Monday, July 09, 2007
Sherri's Helpful Hints
More Food Preparation Techniques
A classic bouquet garni, often called for in French roasts, soups, and stews, includes:
1 part leaf thyme
1 part whole peppercorns
4 parts finely chopped parsley
1 bay leaf
Fresh or dried herbs can be used, or a combination of both. Place herbs and seasonings in a cheesecloth square that is tied up with clean butcher's string. For especially easy removal, make the string extra long and tie one end to the pot's handle.
For a variation, try experimenting with rosemary, tarragon, summer or winter savory, and whole cloves.
Cooking Dried Beans:
Before cooking dried beans, rinse them well and pick them over for stones or inferior beans.
If more water is needed when cooking beans, always add very hot or boiling water as cold water will discolor the beans.
More flavor can be obtained by adding a couple of tablespoons of sugar to cooked beans.
Adding 1/2 teaspoon of baking soda to the water used to boil beans will eliminate "gas attacks."
Put eggs into a pot (avoid aluminum as it will darken) and cover with cold water. Add a pinch of salt. Bring the pot to a boil over high or medium high heat, then lower the heat and simmer. Depending on the size of the eggs, they will need to simmer for 2 to 3 minutes for soft boiled, about 4 to 5 minutes for medium and 15 to 20 minutes for hard boiled. Drain the eggs and immerse them immediately in cold water to stop the cooking process. Refrigerated boiled eggs will keep for about a week.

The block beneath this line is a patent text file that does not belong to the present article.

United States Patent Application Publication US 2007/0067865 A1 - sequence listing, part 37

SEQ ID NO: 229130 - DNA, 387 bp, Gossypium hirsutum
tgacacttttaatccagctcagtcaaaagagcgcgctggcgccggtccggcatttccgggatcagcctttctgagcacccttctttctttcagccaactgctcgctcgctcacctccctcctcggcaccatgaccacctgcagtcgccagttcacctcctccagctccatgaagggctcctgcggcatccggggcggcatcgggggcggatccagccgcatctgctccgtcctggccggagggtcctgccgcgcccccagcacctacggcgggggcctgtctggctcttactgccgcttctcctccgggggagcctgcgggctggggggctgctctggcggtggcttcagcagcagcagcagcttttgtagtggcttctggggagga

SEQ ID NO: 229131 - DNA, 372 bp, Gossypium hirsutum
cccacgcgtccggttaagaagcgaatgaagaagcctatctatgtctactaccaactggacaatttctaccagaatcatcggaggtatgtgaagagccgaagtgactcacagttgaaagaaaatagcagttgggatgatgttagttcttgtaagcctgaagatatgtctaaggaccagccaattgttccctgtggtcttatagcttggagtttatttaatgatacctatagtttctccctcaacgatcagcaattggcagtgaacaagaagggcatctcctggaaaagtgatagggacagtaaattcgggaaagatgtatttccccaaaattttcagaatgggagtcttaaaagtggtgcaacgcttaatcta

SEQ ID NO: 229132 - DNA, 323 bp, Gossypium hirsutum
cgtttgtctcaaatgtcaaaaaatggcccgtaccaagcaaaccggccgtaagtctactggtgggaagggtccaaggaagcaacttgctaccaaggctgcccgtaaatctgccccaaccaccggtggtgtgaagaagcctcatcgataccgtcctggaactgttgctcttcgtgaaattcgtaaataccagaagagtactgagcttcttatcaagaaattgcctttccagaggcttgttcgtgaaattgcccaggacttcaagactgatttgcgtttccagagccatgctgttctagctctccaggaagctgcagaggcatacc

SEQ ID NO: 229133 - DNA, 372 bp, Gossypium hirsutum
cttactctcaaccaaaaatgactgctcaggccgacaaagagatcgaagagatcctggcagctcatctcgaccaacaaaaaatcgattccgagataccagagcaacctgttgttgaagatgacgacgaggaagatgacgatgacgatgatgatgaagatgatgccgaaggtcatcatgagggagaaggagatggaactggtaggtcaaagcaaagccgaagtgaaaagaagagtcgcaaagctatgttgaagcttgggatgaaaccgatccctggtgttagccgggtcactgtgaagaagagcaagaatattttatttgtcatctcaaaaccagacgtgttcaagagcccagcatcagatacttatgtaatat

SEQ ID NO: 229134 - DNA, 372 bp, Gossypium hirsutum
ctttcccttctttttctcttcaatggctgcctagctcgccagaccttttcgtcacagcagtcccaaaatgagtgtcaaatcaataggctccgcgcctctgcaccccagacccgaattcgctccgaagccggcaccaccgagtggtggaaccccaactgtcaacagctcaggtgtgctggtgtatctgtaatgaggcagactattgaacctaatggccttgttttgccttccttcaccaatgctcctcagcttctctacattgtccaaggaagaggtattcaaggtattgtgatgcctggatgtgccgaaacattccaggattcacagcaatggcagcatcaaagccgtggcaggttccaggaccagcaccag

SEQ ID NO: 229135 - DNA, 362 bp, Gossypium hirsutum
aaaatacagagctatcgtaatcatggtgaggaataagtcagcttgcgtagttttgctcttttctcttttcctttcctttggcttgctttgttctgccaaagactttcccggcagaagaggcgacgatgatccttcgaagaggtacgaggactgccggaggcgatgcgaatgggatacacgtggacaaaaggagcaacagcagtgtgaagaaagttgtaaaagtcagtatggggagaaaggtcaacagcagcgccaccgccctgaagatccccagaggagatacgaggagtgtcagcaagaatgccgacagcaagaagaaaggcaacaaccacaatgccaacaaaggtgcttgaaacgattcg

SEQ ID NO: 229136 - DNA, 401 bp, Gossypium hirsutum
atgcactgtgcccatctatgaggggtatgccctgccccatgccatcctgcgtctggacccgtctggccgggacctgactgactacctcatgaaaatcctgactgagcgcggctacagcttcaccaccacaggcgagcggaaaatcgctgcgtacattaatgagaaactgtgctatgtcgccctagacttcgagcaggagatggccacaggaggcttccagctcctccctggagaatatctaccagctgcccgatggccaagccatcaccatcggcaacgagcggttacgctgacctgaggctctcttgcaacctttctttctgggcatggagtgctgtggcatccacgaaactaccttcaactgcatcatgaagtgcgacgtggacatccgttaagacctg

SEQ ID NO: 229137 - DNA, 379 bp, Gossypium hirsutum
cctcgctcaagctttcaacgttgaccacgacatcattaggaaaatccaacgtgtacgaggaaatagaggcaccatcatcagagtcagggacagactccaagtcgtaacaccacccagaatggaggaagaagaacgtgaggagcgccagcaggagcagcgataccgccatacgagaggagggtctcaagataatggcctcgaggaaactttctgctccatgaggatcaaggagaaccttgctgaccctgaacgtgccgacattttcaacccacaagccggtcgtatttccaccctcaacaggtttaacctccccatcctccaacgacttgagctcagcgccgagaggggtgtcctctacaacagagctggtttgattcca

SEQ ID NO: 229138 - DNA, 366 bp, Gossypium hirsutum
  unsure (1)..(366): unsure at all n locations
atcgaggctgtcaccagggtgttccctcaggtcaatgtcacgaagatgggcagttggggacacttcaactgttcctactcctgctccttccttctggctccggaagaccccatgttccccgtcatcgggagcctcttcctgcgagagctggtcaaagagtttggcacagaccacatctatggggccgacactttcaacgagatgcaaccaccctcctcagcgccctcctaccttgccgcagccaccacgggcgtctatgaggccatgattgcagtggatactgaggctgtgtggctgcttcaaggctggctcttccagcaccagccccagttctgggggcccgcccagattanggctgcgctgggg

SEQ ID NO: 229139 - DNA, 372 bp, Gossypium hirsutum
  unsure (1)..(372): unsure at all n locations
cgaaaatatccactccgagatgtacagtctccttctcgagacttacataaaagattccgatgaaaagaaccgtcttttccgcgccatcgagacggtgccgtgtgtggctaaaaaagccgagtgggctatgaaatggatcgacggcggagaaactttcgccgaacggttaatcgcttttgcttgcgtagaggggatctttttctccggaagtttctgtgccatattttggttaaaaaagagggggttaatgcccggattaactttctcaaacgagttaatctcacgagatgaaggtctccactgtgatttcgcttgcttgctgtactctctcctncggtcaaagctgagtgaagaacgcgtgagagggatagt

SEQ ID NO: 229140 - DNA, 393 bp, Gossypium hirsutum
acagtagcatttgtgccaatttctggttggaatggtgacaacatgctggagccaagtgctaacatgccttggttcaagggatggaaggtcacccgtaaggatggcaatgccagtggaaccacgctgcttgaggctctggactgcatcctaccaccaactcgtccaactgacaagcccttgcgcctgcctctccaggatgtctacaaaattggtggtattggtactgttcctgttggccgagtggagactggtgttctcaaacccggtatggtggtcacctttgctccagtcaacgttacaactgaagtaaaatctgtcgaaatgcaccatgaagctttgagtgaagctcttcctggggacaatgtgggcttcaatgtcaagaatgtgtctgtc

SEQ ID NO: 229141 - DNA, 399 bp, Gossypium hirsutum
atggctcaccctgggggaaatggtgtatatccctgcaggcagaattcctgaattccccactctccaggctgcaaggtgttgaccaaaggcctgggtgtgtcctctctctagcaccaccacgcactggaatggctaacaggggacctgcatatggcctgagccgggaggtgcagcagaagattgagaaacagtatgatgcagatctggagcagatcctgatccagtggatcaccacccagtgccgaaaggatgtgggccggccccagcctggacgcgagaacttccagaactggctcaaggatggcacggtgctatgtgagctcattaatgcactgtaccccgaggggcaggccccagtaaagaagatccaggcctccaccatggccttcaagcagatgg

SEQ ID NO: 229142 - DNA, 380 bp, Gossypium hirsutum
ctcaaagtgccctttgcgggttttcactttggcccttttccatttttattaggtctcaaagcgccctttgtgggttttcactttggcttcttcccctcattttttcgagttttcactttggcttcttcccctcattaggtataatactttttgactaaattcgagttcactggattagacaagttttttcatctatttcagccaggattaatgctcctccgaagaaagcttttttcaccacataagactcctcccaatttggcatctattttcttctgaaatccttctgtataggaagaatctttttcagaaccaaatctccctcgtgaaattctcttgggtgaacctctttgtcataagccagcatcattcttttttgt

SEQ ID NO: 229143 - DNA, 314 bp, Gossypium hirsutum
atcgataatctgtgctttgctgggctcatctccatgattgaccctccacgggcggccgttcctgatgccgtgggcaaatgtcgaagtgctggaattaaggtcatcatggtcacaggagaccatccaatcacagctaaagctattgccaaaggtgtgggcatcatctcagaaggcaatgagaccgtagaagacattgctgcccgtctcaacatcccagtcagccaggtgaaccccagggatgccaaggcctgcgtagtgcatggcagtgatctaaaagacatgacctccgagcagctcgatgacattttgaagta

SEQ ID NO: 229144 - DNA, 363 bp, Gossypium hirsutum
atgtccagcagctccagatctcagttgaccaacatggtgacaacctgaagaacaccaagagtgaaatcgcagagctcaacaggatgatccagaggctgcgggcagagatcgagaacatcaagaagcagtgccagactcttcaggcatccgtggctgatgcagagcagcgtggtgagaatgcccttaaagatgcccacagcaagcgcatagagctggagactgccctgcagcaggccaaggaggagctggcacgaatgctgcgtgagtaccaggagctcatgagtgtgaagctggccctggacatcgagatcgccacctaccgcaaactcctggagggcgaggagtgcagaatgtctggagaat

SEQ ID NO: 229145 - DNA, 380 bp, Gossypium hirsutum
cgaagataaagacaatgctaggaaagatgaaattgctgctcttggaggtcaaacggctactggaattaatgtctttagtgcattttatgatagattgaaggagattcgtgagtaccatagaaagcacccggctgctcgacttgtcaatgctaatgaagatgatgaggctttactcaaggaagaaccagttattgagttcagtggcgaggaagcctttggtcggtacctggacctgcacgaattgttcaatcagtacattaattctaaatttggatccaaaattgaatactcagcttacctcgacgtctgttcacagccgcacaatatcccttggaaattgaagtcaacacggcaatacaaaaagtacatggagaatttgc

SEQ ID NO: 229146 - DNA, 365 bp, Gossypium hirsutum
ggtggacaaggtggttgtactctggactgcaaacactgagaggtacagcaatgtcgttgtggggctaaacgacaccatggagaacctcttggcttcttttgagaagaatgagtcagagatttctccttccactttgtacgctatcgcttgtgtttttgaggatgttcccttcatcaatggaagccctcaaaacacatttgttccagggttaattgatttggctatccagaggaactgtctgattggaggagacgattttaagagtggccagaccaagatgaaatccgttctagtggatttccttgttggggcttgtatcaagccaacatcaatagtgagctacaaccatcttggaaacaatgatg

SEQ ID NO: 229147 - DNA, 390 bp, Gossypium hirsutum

Corn on the Cob
Method 1: Fill a large kettle with two inches of fresh water. Add a steamer basket to the bottom of the kettle, and bring the water to a boil.
Meanwhile, shuck the corn, removing all silk. Arrange the corn in a single layer in the steam basket, and place the lid on the pan. Bring it to a full boil. The moment it reaches full boil, remove the pan from the burner, and let it stand for 5 to 8 minutes, depending on how large the ears are. Serve with butter, salt and pepper. (If you want to add even more sweetness to the corn, you can sprinkle a teaspoon of sugar over it before it begins to boil.)
Method 2: Put the whole ears (husks and all) in the oven and bake them for 25 minutes at 350 degrees F.
When you're ready to serve the corn, just put on a pair of oven mitts and peel the husks off the ears. The husks and silk just fall completely off.
Peel the potatoes. Cut them into chunks, then cover them with cold water in a very large pot. Bring to a boil, then simmer until very tender all the way through. Drain the potatoes, then put them back into the pot over VERY low heat to evaporate any excess liquid. This will dry the potatoes.
While the potatoes are drying, heat whole milk just until hot, but not boiling. A good rule of thumb is to use about 2/3 cup milk for every 2 to 3 pounds of potatoes. You can use a mixture of cream and milk, if desired. Add butter or margarine to the hot, dry potatoes, keeping them over very low heat. Mash with a hand masher until the butter is melted and the potatoes are very smooth.
With an electric mixer, beat the potatoes (with the pot still over low heat) as you add the hot milk, a little at a time, until the potatoes are the desired consistency. Scrape sides of the pot with a rubber spatula. Do not overbeat. Stop beating when they are creamy and fluffy. Add salt and white pepper to taste. The white pepper is used so that they are no "unsightly" black specks in the potatoes.
Always work quickly so that the potatoes do not cool down. Lukewarm potatoes turn pasty. Adding cold milk can turn hot potatoes pasty.
Courtesy of Recipe Goldmine
Posted by february sherri